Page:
One of the top ways that new authors get their books into our hands is by enlisting beta readers or ARC readers. They read the book before anyone else and offer feedback. Beta readers get a free copy in exchange for a free, honest review. If the author can get hundreds of positive reviews, then their novels become suggestions on Goodreads and Amazon, and thus more people learn about the novel.
Book reviewing can be great if you want to promote your book or if you want to make friends in the writing community. My author website has a whole tab where I review Indie novels. I use reviews to learn more about the publishing industry, but I also get to read some amazing novels.
To get people talking about your novel before it’s published, ask your followers to read and review it. Everyone loves a free book, right? Participating in book reviewing helps any writer in the following ways:
- Make other writing friends.
- Know how to find ARC readers when it’s your turn to publish.
- Have content to publish and promote on your website.
- See what types of stories are popular in your genre.
- Add to your never-ending TBR list.
- Learn about another author’s publishing approach to fine-tune yours.
Remember, if you go the traditional route, you’ll still need book reviews to garner more attention on your books. Your publishing house will likely help you set up blog tours so book bloggers can review your work on or around your publish date, but keep in mind that finding your own reviewers can only help you further. And you’ll find them through self-promotion.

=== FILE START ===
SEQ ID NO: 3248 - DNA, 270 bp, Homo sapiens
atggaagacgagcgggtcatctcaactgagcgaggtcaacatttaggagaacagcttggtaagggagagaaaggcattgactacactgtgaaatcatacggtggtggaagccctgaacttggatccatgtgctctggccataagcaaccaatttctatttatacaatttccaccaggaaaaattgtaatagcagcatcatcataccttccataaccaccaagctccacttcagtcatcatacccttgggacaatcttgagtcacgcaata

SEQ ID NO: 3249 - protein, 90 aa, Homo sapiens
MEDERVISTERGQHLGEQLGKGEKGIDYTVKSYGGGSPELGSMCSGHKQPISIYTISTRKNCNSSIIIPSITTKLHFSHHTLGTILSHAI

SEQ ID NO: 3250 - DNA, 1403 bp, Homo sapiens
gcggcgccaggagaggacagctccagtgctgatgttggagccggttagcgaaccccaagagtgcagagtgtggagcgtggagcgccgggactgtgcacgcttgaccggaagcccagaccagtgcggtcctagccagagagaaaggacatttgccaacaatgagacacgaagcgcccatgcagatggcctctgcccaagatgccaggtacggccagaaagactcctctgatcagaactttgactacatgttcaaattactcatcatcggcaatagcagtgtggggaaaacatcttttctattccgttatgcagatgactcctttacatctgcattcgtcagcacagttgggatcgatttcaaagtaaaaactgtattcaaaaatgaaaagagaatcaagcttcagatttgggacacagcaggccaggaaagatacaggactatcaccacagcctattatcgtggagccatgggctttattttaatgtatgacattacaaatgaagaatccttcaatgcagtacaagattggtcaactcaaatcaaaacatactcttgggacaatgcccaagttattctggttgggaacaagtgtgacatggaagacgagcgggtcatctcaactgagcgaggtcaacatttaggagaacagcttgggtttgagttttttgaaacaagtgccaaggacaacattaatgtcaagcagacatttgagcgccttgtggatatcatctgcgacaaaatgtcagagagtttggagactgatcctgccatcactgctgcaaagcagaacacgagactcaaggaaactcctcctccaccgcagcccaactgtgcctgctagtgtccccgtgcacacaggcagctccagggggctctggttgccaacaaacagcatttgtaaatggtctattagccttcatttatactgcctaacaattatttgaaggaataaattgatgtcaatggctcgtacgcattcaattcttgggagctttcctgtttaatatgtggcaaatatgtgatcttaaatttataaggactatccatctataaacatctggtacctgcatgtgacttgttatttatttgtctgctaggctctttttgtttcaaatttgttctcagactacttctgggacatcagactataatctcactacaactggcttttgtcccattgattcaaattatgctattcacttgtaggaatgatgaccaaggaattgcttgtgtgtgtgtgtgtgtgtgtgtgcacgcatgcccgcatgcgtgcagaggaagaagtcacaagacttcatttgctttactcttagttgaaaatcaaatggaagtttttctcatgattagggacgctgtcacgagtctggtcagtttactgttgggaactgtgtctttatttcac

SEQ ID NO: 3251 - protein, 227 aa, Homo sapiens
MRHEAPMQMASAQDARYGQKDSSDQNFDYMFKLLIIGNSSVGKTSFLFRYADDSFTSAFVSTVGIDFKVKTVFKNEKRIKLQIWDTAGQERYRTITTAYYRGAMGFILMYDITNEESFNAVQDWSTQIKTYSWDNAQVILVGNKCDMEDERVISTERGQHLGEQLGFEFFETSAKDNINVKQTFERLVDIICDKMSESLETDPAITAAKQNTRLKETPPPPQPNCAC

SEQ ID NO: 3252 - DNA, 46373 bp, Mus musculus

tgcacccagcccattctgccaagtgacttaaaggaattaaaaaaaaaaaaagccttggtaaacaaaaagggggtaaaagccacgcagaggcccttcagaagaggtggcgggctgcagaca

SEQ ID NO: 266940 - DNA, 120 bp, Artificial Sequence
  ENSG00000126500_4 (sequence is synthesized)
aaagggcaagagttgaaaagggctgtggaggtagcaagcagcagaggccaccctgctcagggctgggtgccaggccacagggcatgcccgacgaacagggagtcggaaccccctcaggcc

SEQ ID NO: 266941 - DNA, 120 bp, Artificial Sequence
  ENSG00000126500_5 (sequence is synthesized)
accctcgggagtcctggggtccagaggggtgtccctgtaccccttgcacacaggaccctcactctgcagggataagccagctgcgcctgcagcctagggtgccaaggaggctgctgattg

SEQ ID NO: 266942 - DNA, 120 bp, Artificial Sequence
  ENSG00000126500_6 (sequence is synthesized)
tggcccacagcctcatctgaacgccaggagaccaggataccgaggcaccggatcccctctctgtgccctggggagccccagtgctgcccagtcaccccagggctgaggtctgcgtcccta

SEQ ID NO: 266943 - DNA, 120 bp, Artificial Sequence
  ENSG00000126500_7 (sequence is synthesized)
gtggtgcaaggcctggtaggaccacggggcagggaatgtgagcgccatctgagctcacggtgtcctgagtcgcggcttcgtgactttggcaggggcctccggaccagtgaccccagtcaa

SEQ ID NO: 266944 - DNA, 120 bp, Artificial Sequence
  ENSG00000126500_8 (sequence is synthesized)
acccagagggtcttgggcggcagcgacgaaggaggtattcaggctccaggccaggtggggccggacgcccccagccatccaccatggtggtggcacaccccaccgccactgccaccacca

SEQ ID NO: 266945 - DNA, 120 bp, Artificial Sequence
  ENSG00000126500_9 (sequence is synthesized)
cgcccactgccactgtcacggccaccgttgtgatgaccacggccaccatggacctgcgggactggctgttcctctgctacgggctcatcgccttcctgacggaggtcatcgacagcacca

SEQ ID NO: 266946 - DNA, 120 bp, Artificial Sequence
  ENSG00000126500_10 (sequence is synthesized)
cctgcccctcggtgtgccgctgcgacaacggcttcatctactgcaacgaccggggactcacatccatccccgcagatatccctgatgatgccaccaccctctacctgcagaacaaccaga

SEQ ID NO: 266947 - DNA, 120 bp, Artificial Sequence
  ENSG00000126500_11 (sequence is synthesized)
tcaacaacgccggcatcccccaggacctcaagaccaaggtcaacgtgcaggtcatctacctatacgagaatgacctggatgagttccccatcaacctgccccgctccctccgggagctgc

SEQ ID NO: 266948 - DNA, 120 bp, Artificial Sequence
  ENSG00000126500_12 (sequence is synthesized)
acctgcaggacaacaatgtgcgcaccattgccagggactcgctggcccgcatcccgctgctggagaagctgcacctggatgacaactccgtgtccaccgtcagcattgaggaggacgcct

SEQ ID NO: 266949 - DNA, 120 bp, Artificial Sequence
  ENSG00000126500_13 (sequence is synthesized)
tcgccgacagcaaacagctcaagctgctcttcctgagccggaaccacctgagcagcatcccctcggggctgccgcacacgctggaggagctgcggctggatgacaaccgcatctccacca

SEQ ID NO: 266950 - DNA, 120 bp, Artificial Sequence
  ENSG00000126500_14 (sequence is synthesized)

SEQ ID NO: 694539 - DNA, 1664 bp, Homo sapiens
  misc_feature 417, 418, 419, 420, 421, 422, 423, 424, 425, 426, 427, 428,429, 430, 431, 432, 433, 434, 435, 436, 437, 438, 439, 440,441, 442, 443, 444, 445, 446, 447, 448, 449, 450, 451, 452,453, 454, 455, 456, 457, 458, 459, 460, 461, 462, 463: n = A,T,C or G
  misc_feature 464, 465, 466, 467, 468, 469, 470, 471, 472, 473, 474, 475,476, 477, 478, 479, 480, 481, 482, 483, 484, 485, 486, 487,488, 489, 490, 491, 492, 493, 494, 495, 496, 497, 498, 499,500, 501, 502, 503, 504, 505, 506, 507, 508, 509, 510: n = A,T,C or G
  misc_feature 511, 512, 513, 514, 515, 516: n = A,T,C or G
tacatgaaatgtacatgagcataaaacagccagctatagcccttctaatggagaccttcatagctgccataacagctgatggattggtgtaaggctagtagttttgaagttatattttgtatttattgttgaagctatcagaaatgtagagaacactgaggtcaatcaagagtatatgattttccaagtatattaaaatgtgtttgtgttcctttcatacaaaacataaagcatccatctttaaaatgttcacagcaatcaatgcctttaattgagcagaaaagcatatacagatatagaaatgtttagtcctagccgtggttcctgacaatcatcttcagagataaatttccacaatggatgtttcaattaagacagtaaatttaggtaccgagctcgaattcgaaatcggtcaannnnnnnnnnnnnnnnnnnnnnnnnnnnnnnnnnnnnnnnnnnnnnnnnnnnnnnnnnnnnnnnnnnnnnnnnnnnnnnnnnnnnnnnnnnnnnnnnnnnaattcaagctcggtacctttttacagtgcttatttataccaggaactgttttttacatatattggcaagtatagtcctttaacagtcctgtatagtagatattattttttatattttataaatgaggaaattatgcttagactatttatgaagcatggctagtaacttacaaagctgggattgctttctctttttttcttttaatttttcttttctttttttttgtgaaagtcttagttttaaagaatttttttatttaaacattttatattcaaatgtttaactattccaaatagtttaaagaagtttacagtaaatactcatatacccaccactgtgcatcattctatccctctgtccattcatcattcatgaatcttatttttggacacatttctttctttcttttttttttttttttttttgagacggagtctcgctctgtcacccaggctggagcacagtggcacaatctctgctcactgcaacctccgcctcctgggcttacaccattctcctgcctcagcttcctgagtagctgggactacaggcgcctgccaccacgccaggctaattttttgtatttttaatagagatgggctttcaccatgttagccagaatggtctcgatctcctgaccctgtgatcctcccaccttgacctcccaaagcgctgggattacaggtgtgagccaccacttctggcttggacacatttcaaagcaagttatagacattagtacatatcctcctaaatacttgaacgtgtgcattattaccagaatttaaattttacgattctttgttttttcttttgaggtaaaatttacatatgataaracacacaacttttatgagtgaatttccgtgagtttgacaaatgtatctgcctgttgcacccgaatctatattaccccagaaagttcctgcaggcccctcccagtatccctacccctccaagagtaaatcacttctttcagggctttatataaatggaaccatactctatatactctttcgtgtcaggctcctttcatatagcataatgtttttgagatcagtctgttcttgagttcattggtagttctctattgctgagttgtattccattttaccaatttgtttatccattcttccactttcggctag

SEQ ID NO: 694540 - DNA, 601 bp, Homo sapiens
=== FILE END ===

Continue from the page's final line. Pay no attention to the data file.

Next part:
Take Advantage of Free Resources & Real Experiences
I regularly promote my work even though I haven’t published anything. However, I feel more prepared for the publishing process because of what my friends in the writing community have shared. Many even shared their work for free. How sensible and Hufflepuff is that?
If you’re still unsure whether traditional or self-publishing is for you, it’s better to read what people say about their own experiences, rather than to read generalized content from people who have never tried to publish their work. Self-publishing still gets a lot of flack, but there is so much good self-published content, so don’t always believe everything you see online.
Here are some of my go-to resources that will help you if you have more specific questions about your publishing journey:
The 2017 Revealed Methods of Successful Independent Authors via BookBaby: This is a survey conducted to give you real-time insight on what successful indie authors are doing now to promote their books. All the information is divided into two categories, based on if the writer made more or less than $5,000 in sales.
Well-Storied run by Kristen Kieffer: She has a wealth of knowledge and has recently published a series about the pros and cons of various types of publishing. She is also a dear friend of mine and one of the first people I met in the writing community.
The Write Now Podcast by Sarah Werner: Yet another fantastic contributor to the writing community. She interviews other writers on her podcast to learn more about their author journeys and provides professional insight of her own.
Paper Fury by Cait: She’s one of the most personable writers and book bloggers I’ve ever had the pleasure of following. If you want an idea of how to put your personality into your self-marketing, she’s an explosive and charming example of how to do so.
Wit & Travesty by yours truly! Did you think I’d share self-promotion insights and not put in a plug for my own website? Snoop around, take notes on what you like and don’t like, and follow me on social media! I would be delighted to welcome you to the community.
Hopefully these tips help you feel more confident about promoting yourself and your novels. What would you like to learn about self-promo or the writing community? Share with us below in the comments or on social media!